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Debt Collector Issues Extend beyond Harassment

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Washington, DCMany complaints about debt collectors focus on issues such as debt collector harassment, where debt collectors repeatedly phone and threaten people who owe money. Debt collector lawsuits allege consumers have been subjected to aggressive language and false threats, sometimes over debts that they do not owe. In July 2010, the Federal Trade Commission took a look at another aspect of debt collection that could also cause trouble for consumers: debt collection litigation, when the debt collector files lawsuits to recover owed funds.

The report, titled “Repairing A Broken System: Protecting Consumers in Debt Collection Litigation and Arbitration,” noted that when it comes to lawsuits some companies engaged in practices that raised concerns about consumer protection. These included filing lawsuits based on insufficient evidence, not notifying consumers about the lawsuits, garnishing funds improperly - such as garnishing Social Security funds - and threatening to sue on debts that had expired.

Meanwhile, concerns related to arbitration include forcing arbitration on customers without providing a choice, potential bias in arbitration proceedings and forcing consumers to pay more for the arbitration process than they would for court proceedings.

In its report, the Federal Trade Commission recommended reforming the debt collection litigation and arbitration processes. Among the recommendations were requiring collectors to include more information about the debt they seek to recover, given that the complaints often do not have enough information for consumers to respond to. For example, as the Commission notes, it is common for debt to be sold to debt buyers repeatedly, so that by the time the final debt buyer contacts the consumer, the debt is no longer recognizable. The Commission also recommended changing the law so that accounts into which funds that cannot be garnished are deposited - such as accounts that accept Social Security funds - have a limit on how much can be frozen.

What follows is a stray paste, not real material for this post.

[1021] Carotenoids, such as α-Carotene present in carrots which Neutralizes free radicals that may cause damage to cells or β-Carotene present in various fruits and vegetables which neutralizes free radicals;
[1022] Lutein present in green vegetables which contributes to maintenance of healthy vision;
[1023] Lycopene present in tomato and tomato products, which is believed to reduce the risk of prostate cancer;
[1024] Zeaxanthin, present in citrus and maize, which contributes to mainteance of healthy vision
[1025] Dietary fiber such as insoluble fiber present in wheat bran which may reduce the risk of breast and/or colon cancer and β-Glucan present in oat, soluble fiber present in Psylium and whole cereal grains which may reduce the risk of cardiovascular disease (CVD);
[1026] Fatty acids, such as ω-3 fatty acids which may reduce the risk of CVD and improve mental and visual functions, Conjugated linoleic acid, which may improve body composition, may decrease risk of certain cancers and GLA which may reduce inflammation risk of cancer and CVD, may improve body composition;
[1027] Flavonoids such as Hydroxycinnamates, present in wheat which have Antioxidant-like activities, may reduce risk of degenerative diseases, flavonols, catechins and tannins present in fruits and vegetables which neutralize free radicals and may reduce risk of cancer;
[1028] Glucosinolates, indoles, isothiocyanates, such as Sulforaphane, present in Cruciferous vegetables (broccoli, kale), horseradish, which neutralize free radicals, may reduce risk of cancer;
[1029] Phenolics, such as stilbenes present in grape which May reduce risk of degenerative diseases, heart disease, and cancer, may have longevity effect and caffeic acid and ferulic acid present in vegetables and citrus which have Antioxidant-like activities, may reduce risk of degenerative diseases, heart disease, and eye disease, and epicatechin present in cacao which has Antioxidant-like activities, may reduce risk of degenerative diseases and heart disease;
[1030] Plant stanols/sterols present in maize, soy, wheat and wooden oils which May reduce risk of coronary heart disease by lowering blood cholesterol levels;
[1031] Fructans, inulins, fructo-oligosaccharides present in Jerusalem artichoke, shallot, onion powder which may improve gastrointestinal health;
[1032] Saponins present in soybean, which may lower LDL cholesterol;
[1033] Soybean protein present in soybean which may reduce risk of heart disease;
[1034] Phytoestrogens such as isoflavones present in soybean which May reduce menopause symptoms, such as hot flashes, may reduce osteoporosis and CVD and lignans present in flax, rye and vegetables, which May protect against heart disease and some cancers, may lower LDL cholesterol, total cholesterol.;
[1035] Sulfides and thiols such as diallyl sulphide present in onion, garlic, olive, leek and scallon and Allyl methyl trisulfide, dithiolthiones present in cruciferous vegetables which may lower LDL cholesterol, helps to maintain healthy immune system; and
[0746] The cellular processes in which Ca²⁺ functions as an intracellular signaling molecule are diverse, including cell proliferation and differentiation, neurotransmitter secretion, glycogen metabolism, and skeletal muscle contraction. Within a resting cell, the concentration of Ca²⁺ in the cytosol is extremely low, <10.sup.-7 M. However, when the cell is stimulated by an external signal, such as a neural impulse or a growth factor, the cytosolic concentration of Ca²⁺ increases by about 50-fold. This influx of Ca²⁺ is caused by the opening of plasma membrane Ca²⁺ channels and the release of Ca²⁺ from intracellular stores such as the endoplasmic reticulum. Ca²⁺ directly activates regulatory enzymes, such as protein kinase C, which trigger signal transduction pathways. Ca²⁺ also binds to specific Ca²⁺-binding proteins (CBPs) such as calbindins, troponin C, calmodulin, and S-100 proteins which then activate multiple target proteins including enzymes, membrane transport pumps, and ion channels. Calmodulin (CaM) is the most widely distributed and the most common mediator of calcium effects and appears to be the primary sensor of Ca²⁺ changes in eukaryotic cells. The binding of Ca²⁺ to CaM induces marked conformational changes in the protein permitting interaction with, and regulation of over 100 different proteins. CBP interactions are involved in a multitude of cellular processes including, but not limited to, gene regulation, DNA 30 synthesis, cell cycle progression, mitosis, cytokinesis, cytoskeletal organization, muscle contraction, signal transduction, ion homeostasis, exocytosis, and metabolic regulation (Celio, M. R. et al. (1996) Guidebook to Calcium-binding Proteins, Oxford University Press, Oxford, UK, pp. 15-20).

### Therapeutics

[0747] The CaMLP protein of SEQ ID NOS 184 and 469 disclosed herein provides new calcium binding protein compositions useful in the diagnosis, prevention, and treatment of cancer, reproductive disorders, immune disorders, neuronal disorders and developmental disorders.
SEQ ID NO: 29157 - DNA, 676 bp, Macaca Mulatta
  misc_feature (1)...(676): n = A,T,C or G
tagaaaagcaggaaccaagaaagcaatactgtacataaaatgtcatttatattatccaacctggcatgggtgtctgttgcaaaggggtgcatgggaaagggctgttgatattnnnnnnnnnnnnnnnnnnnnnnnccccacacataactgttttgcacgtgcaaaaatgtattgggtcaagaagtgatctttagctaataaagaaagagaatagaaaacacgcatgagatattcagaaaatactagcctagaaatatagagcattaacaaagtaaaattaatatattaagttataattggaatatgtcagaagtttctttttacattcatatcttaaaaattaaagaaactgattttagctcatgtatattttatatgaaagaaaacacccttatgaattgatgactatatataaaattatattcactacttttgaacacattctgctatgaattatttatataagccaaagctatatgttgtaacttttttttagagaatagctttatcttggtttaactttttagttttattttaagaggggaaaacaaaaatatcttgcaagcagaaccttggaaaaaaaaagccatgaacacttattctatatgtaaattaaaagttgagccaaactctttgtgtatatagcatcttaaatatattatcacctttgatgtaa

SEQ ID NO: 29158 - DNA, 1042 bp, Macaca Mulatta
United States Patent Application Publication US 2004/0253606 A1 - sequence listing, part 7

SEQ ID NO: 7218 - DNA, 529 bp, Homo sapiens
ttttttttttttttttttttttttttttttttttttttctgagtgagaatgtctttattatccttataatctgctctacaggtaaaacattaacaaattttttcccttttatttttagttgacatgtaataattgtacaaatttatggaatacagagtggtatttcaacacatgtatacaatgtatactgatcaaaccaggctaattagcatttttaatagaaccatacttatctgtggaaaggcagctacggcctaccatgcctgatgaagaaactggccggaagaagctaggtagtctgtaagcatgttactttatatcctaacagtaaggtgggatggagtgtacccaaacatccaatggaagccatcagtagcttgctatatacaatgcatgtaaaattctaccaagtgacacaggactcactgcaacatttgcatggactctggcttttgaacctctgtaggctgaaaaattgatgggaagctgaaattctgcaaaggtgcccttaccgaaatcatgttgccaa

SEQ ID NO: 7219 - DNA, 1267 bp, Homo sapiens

Regarding arbitration, the Commission recommended providing consumers with meaningful choice regarding arbitration and eliminating bias in arbitration forums, including making the process more transparent.

These recommendations do not focus on contact between the debt collector and the consumer. Legislation such as the Fair Debt Collection Practices Act, the Fair Credit Reporting Act and the Telephone Consumer Protection Act set out how and when debt collectors can contact consumers. Unfortunately for consumers, debt collectors allegedly frequently violate those laws, resulting in consumers filing lawsuits of their own. The good news is that when debt collection companies have violated the law, consumers are able to recover damages.

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Posted by

My dad has been harass by the debt people and they come to the house to as for my dad and also to his work places by sending a law sue for my dad at work to his supervisor and coworker... take money from his check and always tell him that he will have to go to court and it make my dad stress out cuz his job dont pay him that much with hours cut.... my dad has been paying till economy went down and his hours was cut... the debt collection call him all the time... but I dont knoe if they r doing this becuz he dont speck english and dont understand them so they just harassing my dad

Posted by

Hi, Great informative post. If anyone feel he is getting harassment is any action, then first he have to find out who is actually collecting the debt. But do not feel in even a single call from a debt collector as harassment. Because you owe some money. So better start to pay the loan in small amounts.
Thanks for this post.


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